Tag Archive 'writing'

When Your Scene is Dragging: 6 Ways to Add Tension

One of the very first books on craft I ever read, way back at the beginning of my writing career, was Writing the Breakout Novel, by our own Donald Maass. The book is full of excellent points on improving your craft (Don isn’t paying me to say that or anything; we’ve never met, and he […]

Change

The surest way to stir emotion in readers can be summed up in one word: change. Change is a universal experience.  We’ve all gone through it.  We cannot avoid it.  The passages of life guarantee it.  Change is necessary, difficult, wrenching and individual.  When a character in a story changes we each recall the emotional […]

Character Cue: Whose Line is it Anyway? An Easy Exercise to Strengthen Voice

Voice is one of my favorite aspects of craft to play with and talk about. Voice was the subject of my very first post here at Writer Unboxed. Today’s post will be short and sweet—a nifty, easy peasy, so-simple-it-seems-stupid trick to strengthen voice in revision. When I’m helping someone with a manuscript, I sometimes find […]

Feeding Your Readers Information: A Look at a Master

    As so often happens, the comments on last month’s piece (What Do Your Readers Know and When Do They Know It) showed that there was a lot more to the topic than I could cover in a single column.  So I thought it would help to look in some detail at how a master […]

Emotional Work

I’ve been teaching a new kind of craft lately. It’s emotional craft, the understanding and planning of a novel’s emotional effect on readers. Most authors focus on characters’ emotions, principally the much discussed issue of showing versus telling. That’s fine but limiting. For readers, most of the emotional experience of a novel doesn’t come from […]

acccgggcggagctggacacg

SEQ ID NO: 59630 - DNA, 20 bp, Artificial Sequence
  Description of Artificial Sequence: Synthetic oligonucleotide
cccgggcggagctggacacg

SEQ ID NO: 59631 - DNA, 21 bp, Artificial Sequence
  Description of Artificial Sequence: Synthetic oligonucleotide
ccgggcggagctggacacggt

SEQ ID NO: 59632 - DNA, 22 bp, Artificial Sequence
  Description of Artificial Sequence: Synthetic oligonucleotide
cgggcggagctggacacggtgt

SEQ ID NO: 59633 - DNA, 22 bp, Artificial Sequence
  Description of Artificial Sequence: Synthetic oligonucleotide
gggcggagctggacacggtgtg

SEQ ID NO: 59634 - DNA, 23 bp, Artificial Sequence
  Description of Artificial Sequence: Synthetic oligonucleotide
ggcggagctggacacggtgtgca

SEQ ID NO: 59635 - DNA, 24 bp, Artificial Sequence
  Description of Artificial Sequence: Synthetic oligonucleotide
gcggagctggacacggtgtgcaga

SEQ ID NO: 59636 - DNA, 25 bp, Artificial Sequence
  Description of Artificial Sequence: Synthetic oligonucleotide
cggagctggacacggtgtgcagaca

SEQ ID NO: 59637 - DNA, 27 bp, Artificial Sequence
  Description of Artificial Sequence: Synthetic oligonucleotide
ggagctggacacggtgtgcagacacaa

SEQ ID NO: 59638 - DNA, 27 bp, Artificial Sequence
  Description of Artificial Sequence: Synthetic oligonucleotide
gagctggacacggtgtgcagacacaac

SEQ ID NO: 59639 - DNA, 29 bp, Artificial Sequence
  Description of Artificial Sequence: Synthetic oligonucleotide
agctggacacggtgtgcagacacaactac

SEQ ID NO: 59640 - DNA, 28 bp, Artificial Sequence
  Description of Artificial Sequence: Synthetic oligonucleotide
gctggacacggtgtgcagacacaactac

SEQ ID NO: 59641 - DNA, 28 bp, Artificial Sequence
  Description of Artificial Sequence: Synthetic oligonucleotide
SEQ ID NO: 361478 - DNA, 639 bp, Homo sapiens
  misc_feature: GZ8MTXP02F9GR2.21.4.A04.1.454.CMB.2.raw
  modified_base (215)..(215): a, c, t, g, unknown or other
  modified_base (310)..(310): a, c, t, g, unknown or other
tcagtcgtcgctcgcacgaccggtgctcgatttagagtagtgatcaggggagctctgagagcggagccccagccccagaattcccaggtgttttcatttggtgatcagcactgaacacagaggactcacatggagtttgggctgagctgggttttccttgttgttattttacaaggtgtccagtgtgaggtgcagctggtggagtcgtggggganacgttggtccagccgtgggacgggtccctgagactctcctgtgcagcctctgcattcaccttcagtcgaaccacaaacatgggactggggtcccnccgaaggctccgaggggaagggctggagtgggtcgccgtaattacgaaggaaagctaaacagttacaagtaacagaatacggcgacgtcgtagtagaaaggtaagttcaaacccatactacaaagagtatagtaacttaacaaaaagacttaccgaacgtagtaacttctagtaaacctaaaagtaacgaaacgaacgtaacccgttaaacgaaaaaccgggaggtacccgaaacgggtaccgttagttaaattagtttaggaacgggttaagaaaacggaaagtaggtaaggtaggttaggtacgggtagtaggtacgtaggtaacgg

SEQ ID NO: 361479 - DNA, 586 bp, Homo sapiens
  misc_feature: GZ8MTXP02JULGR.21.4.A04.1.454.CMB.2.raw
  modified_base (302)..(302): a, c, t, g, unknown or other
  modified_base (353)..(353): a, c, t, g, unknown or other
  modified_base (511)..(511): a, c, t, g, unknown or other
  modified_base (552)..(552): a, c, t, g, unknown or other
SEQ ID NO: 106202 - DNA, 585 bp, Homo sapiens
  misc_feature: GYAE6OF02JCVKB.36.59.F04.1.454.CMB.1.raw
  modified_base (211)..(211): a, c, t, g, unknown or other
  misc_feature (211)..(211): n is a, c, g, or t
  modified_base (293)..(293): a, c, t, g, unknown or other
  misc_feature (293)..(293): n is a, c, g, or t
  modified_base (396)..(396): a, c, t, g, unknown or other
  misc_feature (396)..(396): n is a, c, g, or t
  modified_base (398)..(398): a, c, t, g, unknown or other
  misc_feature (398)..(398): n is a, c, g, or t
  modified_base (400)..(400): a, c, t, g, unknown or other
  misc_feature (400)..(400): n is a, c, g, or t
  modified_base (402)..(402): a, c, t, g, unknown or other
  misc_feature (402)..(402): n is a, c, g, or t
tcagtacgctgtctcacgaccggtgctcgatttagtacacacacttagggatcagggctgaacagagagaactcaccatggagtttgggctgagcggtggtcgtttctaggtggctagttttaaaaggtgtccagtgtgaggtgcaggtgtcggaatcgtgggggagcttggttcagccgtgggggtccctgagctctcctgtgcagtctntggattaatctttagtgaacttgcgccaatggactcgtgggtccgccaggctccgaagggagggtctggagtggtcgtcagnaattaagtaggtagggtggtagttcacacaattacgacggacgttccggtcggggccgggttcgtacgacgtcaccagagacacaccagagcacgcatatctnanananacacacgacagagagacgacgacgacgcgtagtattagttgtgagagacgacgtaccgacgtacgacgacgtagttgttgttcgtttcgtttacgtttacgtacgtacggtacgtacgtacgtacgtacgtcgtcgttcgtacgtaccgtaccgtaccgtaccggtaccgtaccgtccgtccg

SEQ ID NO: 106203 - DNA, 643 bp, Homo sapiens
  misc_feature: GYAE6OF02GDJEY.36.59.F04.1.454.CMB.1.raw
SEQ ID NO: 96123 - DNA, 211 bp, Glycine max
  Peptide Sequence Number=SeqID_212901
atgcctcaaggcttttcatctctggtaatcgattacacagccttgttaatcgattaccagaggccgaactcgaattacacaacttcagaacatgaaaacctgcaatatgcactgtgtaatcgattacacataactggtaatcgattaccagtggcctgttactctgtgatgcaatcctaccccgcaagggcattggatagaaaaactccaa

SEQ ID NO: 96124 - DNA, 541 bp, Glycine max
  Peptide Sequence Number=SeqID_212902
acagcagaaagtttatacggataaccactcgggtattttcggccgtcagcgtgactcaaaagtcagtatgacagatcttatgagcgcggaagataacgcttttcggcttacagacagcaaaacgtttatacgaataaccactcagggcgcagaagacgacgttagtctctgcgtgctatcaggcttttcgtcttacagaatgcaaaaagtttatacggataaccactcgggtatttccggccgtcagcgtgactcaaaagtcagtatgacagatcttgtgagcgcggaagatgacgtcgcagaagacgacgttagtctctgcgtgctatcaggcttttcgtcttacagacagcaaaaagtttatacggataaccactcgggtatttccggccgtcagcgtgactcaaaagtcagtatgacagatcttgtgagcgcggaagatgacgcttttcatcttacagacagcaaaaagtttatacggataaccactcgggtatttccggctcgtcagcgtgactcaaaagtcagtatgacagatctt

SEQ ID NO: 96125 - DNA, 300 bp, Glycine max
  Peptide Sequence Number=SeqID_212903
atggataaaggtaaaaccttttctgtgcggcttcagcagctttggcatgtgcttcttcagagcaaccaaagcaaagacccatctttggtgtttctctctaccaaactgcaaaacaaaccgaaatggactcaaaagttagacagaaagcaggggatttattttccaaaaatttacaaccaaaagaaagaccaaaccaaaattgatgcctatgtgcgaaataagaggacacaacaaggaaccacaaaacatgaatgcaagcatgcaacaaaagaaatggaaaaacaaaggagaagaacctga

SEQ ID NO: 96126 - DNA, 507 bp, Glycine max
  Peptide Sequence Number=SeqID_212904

Knowing When to Walk Away

Please welcome Marisa de los Santos, New York Times bestselling author of four novels for adults, including (most recently) The Precious One, Love Walked In and Belong to Me; and one for middle grade readers, Saving Lucas Biggs, which she co-wrote with her husband David Teague. She lives in Wilmington, Delaware, with David, their two […]

We Are What We Write?

Kim here to welcome and introduce WU’s latest contributor, Therese Anne Fowler. Therese is the author of the New York Times bestselller Z: A Novel of Zelda Fitzgerald and three other novels. She has a BA in sociology/cultural anthropology, an MFA in creative writing, and occasionally teaches writing workshops at North Carolina State University. Therese […]

Writing and Publishing that Second Book

Today’s guest is Michele Young-Stone whose life’s dream was to write and publish a novel. A former English teacher, she achieved her dream and surpassed it with the release (this month) of her second novel Above Us Only Sky. Her first novel, The Handbook for Lightning Strike Survivors, was published in 2010 and was a Target […]

Let’s Talk About Me

“Let’s talk about me!” Generally speaking, that’s not good advice for handling yourself in social situations.  Better is to listen and ask questions.  Being interested in others is the way to make friends and influence people.  (Smile too.  That helps.) In bonding readers to characters on the page, though, the reverse is true.  We open […]

How Does Your Novel Grow? The Writing/Gardening Connection

Perhaps this essay is only my desperate attempt to connect to spring in spite of the seven inches of additional snow currently falling on my yard and life. I should be glad to have a reason to stay inside and stick to my writing schedule, before gardening season distracts me. But I am itchy to […]